Parent and Provider Perspectives on Pediatric Readmissions: What Can We Learn About Readiness for Discharge?

Hosp Pediatr. 2015 Nov;5(11):559-65. doi: 10.1542/hpeds.2015-0034.


Background: Readmissions are an increasingly recognized quality metric that will likely affect payments to children's hospitals. Our aim was to inform future efforts to reduce readmissions by eliciting parent and provider perceptions of pediatric readmissions.

Methods: We interviewed English- and Spanish-speaking parents and inpatient providers of children with medical diagnoses who had unplanned readmissions (≤7 days). Parents were interviewed one-on-one during the readmission. Providers were interviewed in person or by phone within 1 week of the patient's second discharge. Interviewees were queried about their perceptions of the reason for readmission and whether the readmission was preventable. Interview transcripts were analyzed using qualitative content methods. Code categories were developed and emergent themes independently identified by 2 analysts.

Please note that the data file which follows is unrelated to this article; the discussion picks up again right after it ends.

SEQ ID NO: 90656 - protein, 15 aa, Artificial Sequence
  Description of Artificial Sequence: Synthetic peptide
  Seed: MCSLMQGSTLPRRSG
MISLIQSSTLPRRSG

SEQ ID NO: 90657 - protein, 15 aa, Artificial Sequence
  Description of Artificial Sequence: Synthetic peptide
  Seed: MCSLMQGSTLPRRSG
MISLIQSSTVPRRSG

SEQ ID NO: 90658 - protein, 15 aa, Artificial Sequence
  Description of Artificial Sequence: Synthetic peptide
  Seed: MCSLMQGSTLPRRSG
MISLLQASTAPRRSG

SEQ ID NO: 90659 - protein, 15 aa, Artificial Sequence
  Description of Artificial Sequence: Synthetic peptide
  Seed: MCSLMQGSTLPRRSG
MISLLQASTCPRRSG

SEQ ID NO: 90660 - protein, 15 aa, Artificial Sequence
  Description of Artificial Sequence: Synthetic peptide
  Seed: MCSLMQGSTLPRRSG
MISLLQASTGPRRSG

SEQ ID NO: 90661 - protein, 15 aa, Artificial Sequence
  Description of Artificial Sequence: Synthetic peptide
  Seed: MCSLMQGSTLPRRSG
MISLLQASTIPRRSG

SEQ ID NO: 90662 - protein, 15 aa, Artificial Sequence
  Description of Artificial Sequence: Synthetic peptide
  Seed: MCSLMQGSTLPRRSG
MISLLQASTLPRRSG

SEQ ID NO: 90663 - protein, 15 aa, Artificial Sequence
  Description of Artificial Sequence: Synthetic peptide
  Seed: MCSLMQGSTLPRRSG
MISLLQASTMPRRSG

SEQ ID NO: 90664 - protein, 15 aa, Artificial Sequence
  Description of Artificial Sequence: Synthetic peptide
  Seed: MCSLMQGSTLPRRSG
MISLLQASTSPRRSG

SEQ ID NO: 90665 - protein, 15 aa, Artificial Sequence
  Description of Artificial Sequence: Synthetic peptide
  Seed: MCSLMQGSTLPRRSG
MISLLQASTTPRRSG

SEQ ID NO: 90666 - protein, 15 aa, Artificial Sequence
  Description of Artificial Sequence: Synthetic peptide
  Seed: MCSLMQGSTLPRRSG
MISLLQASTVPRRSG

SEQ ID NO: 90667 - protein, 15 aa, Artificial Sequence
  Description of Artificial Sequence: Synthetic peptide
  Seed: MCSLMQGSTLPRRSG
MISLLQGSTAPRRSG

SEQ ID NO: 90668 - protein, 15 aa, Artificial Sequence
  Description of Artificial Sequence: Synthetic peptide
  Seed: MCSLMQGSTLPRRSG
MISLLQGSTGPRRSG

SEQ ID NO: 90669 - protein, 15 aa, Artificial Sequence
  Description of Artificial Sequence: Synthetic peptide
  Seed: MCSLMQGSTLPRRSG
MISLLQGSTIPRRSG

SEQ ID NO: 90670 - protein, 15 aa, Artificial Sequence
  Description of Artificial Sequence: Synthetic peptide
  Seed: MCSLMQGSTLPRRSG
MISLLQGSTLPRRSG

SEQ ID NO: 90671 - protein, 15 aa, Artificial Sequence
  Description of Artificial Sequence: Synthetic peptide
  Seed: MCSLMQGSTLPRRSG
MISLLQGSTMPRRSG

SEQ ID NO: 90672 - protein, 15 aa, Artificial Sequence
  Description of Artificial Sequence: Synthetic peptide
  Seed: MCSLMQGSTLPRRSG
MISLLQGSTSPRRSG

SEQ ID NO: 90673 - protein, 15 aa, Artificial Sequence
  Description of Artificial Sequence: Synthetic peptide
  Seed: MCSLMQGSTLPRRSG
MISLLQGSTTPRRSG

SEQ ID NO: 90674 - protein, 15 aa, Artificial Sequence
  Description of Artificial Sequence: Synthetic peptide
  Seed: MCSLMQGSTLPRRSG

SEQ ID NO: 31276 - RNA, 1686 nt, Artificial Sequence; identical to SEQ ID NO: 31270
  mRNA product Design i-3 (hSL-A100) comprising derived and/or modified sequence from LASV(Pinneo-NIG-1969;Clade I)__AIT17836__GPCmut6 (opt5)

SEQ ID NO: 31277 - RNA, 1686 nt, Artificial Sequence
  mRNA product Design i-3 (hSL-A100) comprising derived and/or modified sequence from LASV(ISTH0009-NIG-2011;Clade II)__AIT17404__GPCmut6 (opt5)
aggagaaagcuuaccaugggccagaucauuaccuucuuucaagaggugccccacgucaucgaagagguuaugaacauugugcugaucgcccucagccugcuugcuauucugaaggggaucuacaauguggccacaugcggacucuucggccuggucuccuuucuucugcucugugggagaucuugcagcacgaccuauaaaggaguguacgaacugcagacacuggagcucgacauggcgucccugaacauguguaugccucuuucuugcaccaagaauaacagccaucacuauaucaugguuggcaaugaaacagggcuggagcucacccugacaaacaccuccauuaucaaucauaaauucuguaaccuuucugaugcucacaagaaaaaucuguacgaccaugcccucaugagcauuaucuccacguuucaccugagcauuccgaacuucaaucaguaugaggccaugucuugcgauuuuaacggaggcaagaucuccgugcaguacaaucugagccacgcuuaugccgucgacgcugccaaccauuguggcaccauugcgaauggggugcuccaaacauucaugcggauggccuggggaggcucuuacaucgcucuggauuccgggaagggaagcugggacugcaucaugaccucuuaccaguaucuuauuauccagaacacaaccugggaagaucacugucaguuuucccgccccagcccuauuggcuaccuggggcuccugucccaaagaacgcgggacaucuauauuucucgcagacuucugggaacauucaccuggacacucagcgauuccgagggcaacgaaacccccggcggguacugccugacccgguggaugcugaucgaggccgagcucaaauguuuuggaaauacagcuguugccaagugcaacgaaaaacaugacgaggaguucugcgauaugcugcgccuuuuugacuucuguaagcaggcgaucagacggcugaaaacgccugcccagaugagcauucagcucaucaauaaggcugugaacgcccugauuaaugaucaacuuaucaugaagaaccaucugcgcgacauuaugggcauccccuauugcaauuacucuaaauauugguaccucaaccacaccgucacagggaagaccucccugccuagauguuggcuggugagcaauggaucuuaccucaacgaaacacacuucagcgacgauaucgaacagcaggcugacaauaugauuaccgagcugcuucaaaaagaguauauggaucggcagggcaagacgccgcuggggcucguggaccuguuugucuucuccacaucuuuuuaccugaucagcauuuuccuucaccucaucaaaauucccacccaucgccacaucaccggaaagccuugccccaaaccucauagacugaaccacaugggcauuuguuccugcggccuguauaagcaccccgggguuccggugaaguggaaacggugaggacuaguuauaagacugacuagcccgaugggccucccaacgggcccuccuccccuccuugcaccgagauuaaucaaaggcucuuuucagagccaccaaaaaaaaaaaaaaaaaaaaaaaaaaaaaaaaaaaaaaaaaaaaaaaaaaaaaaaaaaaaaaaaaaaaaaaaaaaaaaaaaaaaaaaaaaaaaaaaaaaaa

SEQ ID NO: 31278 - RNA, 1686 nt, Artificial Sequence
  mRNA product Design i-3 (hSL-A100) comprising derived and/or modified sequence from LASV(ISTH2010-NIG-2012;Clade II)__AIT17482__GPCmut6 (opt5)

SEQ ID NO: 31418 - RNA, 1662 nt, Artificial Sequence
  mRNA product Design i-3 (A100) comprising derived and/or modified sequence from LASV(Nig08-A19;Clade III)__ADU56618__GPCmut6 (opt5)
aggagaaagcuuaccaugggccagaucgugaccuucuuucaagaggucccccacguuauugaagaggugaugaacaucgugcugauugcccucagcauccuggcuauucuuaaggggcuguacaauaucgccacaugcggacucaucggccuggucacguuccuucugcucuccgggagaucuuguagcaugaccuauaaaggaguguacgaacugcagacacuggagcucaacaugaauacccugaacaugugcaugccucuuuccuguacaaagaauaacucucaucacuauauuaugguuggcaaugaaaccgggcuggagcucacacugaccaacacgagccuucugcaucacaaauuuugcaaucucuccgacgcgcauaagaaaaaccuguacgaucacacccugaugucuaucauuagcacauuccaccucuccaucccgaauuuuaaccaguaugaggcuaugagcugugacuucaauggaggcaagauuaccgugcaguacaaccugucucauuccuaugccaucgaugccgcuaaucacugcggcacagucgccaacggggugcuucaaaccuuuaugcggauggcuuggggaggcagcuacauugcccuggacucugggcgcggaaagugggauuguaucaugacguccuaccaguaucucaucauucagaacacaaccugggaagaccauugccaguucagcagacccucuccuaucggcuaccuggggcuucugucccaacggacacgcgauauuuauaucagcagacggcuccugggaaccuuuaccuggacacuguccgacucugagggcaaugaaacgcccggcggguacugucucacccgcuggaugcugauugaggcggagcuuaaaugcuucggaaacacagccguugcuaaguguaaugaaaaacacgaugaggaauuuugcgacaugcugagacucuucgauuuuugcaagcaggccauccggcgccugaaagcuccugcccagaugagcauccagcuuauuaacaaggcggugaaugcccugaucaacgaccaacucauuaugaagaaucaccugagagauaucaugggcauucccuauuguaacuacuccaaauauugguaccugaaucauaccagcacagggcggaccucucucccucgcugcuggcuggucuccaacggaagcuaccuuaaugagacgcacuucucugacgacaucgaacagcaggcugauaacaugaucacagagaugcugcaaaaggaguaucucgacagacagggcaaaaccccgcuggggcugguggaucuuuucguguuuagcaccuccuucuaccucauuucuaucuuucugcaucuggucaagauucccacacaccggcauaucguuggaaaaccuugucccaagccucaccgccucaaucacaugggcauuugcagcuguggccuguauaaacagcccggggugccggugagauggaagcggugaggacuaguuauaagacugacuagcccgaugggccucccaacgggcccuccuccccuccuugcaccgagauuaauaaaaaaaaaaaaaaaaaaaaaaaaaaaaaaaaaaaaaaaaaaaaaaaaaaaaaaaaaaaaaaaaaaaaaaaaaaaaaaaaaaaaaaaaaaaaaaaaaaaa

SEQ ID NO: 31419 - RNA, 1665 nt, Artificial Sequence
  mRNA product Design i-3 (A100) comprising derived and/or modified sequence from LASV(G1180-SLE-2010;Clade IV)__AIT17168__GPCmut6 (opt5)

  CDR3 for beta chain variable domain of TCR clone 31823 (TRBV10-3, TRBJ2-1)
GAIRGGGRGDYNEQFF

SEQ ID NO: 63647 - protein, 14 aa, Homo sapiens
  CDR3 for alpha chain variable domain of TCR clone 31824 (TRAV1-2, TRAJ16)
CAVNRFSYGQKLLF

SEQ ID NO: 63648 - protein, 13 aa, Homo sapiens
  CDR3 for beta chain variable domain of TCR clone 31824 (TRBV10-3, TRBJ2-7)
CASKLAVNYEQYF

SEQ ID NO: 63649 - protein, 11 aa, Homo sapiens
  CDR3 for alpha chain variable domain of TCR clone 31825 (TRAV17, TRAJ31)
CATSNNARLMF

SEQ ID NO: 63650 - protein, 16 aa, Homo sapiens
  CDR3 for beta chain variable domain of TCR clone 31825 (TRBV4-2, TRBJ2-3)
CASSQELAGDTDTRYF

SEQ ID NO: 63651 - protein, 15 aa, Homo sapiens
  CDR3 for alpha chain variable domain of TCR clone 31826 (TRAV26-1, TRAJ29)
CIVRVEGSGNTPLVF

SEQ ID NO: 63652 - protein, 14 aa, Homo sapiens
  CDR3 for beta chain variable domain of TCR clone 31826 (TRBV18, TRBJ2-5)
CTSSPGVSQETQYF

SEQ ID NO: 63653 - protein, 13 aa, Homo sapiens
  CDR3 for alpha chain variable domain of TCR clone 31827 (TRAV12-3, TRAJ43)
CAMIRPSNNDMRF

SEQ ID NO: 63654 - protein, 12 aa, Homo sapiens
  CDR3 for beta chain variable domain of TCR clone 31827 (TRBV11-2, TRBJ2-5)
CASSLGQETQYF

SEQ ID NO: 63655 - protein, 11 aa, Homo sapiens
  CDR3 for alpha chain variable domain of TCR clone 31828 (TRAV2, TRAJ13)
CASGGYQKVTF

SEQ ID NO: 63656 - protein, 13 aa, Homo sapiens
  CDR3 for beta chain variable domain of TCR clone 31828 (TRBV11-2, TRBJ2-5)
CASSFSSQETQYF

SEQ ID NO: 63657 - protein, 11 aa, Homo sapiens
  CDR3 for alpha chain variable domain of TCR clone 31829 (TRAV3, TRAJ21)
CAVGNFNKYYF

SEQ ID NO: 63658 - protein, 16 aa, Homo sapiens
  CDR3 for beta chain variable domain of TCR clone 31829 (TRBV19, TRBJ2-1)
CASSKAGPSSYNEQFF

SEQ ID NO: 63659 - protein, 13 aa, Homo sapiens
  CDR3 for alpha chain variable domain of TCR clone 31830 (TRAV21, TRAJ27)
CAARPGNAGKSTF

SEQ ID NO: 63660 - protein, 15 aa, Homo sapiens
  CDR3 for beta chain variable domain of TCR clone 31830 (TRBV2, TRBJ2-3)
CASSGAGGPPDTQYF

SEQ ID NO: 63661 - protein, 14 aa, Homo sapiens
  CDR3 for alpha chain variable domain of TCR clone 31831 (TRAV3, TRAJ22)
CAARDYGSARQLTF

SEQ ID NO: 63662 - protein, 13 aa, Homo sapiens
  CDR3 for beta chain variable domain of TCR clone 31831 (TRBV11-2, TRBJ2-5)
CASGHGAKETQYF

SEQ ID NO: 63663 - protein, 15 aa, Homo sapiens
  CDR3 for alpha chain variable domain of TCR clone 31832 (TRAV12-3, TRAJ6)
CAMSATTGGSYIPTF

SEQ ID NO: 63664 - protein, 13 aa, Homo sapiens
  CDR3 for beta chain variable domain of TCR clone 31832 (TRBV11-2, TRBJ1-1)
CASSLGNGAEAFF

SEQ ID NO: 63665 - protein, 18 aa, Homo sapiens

Results: The study included 30 readmitted children (median age 17 months, 70% male, 80% White or Hispanic, and 66% publically insured). We interviewed 30 parents (23% Spanish speaking) and 27 discharging or readmitting providers. Parents and providers identified several major factors as causing readmissions, including child related (health and symptoms), parent/family related (adherence to recommended care), provider/team related (medical management), communication difficulties, home supports, and quality of discharge teaching. Parents and providers had differing interpretations of the role or magnitude of these factors. Lack of shared understanding between parents and providers emerged as a potentially important cause of readmissions.

Conclusions: We identified lack of shared understanding and communication difficulties between parents and providers as potential causes of readmission. Further research is needed to determine if improvements in identifying and addressing such problems can reduce pediatric readmissions.

Publication types

  • Research Support, Non-U.S. Gov't

MeSH terms

  • Adolescent
  • Adult
  • Attitude of Health Personnel*
  • Attitude to Health*
  • Child
  • Child, Preschool
  • Communication
  • Communication Barriers
  • Female
  • Humans
  • Infant
  • Male
  • Middle Aged
  • Parents*
  • Patient Compliance
  • Patient Readmission*
  • Pediatrics*
  • Physicians*
  • Professional-Family Relations
  • Risk Factors
  • Young Adult